Follow this link for a list of all the pitchers to allow a BABIP higher than .340 and a HR/FB greater than 14% last season. There you will find a bunch of very bad pitchers, some older than others. Here is the 2012 list, where you find more crappy pitchers and also Daniel Hudson, whose arm blew up. Ivan Nova is on that list, which is encouraging. Ivan Nova is also 26-years old, not 29.
All else beginning equal, there was no regression to save most of the pitchers on those lists. The innings cap was set very low, so many of the pitchers didn’t reach Johnson’s 80 innings. Time heals most wounds but not all.
Looking from another angle, here are all the pitchers to post .340 BABIPs while allowing more than 1.5 home runs per nine since the turn of the century. To make these buckets more worthwhile, we can eliminate pitchers 28 and younger (who might be figuring things out) and who failed to pitch 50 innings.
There is James Shields and then there is nothing. James Shields is a very, very interesting case, as he became a legit #2 starter in the American League over the past three seasons. James Shields has a pedigree similar to Johnson’s (i.e. a recent history of high quality performance before a wonky season.)
But James Shields also has health. Shields is incredibly durable – even when he was bad. Josh Johnson is not durable and he never really was. Instead he’s a wildcard on both fronts – questionable performance and a very real injury risk.
Just as Johnson’s overall numbers should improve given some regression, is it not possible his strikeout and walks rates are due to regress (in a downward direction) given his inability to throw strikes consistently?
Consider, for a moment, the case of Tim Lincecum. Like Johnson, Tim Lincecum was once among the three best pitchers in the National League. Like Johnson, Tim Lincecum slogged through tough seasons of late, battling diminished velocity and struggling to throw strikes.
Before we go any farther, the biggest, non-negotiable difference between these two players must be addressed. Both Tim Lincecum and Josh Johnson are 29-years old. The former Marlins right-hander made his big league debut in 2005, while Lincecum came up in 2007. In their careers, Lincecum has 60 additional starts and logged 400 more career innings.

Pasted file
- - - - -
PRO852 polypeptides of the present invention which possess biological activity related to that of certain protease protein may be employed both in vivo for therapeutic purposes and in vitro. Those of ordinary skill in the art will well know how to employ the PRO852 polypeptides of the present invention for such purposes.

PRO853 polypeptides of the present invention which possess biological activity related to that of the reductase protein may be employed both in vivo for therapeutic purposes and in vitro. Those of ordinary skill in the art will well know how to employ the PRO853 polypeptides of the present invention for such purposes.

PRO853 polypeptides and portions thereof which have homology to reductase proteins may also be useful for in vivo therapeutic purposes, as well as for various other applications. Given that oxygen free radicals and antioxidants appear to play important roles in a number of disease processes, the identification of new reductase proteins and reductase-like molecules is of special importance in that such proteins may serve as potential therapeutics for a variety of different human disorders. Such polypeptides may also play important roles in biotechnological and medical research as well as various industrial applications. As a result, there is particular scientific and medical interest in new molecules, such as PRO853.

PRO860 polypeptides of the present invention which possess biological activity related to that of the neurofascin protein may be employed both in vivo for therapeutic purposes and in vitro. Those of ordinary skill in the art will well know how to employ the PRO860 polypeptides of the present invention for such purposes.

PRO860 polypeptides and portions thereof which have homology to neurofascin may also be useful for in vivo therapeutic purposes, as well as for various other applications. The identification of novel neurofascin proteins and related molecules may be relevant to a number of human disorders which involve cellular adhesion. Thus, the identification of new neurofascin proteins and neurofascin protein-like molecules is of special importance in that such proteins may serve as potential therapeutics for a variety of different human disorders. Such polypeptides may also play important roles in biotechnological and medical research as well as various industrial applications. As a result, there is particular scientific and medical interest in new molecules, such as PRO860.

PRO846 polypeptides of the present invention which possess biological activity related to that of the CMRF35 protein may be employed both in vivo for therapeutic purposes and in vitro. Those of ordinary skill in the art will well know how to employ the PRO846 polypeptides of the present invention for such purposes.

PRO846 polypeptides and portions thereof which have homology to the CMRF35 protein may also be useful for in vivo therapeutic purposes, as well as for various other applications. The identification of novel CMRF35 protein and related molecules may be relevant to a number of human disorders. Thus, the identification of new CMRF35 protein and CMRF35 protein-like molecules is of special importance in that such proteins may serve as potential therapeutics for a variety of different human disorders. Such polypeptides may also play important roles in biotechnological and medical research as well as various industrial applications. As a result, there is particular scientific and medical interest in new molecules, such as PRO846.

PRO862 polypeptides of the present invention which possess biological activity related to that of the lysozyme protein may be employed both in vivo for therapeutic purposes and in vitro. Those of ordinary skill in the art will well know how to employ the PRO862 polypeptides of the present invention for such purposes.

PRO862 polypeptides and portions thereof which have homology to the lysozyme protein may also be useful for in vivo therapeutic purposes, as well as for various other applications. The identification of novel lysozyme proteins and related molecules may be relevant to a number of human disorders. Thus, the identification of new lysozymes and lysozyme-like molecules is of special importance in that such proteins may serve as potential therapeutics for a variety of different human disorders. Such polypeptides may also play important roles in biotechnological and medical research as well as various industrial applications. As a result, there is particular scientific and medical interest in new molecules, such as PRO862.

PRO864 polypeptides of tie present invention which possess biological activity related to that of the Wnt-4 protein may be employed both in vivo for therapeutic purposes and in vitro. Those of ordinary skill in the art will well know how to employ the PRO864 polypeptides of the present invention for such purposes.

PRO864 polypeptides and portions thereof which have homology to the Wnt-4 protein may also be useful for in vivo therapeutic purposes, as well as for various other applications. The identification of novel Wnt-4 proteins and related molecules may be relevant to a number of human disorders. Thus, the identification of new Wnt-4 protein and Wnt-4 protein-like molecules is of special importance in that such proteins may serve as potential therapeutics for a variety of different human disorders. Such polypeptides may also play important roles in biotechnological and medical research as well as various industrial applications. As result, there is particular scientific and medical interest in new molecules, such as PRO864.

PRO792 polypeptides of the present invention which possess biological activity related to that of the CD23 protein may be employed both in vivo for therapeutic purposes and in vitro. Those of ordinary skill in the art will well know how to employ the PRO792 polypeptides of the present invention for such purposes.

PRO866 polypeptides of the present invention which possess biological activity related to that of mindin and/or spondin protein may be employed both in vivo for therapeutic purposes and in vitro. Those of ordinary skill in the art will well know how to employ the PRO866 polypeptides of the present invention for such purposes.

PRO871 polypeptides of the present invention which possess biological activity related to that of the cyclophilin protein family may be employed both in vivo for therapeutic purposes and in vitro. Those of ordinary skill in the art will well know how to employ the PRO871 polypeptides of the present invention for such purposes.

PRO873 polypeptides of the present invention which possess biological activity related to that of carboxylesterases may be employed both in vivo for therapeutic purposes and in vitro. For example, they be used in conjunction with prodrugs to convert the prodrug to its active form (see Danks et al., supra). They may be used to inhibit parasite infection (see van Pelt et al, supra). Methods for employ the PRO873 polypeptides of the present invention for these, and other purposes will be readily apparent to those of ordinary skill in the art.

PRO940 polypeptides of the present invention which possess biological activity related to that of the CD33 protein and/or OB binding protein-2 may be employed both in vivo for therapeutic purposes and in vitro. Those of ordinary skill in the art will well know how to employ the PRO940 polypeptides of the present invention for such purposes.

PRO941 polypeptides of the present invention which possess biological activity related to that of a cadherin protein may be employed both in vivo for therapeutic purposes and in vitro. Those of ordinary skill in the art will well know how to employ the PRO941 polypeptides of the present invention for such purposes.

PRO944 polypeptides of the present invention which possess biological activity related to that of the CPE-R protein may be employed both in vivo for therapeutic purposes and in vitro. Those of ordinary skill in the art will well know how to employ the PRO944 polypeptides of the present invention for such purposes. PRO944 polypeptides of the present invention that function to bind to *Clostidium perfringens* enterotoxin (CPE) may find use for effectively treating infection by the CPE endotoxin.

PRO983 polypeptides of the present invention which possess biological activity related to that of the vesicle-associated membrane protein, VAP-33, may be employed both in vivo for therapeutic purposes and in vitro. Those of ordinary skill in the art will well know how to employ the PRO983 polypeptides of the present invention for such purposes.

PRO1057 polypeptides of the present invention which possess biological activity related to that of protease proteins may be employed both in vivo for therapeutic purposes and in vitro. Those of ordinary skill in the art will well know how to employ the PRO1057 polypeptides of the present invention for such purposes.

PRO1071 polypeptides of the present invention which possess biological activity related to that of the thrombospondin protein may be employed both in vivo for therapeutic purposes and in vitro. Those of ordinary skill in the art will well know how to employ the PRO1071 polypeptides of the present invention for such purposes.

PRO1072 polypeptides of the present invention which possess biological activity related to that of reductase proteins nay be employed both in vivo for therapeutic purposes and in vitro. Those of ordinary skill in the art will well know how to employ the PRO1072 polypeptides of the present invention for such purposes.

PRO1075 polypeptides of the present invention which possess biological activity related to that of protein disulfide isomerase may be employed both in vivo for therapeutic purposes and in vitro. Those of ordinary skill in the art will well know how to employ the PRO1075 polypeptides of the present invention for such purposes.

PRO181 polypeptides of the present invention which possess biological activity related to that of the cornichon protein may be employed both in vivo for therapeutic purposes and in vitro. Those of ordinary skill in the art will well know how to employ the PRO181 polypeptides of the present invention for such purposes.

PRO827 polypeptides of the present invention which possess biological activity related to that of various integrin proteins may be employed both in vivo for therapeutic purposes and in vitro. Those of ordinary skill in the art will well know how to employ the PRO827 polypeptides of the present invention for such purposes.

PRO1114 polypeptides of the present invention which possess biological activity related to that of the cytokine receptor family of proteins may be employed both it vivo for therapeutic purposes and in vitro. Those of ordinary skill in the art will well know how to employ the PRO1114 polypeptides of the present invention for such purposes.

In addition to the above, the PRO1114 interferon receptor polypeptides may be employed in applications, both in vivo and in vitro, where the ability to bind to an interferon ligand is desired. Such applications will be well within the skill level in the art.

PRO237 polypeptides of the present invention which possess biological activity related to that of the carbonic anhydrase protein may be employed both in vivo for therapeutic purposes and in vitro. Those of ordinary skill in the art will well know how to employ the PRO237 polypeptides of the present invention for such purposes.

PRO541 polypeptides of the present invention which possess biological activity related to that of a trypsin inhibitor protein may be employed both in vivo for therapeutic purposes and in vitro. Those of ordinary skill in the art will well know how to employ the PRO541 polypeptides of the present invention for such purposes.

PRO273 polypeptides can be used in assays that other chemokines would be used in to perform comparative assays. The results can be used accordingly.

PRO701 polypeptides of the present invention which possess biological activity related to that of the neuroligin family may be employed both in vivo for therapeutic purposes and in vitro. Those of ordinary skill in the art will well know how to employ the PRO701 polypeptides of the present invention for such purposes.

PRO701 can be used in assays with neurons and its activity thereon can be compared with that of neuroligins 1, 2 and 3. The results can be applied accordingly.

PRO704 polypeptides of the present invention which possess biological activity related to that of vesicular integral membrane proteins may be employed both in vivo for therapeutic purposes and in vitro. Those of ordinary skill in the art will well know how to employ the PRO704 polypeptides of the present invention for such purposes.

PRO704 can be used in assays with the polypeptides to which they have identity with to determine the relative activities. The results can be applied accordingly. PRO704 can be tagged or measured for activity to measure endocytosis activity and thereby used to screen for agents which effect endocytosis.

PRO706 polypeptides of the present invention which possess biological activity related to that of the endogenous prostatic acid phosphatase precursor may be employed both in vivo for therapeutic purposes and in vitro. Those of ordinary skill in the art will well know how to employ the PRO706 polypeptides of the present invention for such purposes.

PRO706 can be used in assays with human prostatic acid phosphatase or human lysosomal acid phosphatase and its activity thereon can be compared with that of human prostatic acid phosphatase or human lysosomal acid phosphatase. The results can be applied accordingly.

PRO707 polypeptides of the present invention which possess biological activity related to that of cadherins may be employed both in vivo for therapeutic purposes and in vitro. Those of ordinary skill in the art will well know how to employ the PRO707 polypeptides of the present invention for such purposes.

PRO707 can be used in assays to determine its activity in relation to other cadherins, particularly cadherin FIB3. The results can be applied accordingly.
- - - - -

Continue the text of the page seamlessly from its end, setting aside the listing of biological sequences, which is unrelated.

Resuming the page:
Lincecum and Johnson have a few things in common – most notably, they were bad in 2013. Lincecum was worse in 2012 than in 2013 and even 2012 Lincecum was better than 2013 Josh Johnson. Their K/9 rates were nearly identical (9.18 for Lincecum, 9.19 for Johnson) but Lincecum threw more strikes, fell behind less, induced more swinging strikes, allowed less contact, and gave up fewer home runs (in a more friendly ballpark, of course.)
So while the K rates are nice, for Johnson to replicate Lincecum’s disaster season, he needs to improve in countless facets of his game, reversing three-year trends in some respects. There is a lot of work Johnson must do to become a viable big league pitcher again.
Maybe it is all a matter of health. A return to a release point unreachable in 2013 might solve all his ills and make him one of the best in the game again. But getting healthy has never been easy for Josh Johnson and it doesn’t become any more attainable after age-30. The successes or recoveries of Tim Lincecum or James Shields don’t mean a thing if Josh Johnson can’t stay on the field.
Perhaps Johnson will make the Padres look great by throwing him $8MM and in a transition year. Or maybe the scuffling shell of his former self points to a brief comeback, a player betrayed by his body just on the cusp of a life-changing payday. There is much greater chance Josh Johnson never rediscovers his old form and simply becomes another great mystery, rather than bouncing back to grab that $100 million dollar brass ring some believe is still out there for him.
Some information and stats via Fangraphs and ESPN Stats & Info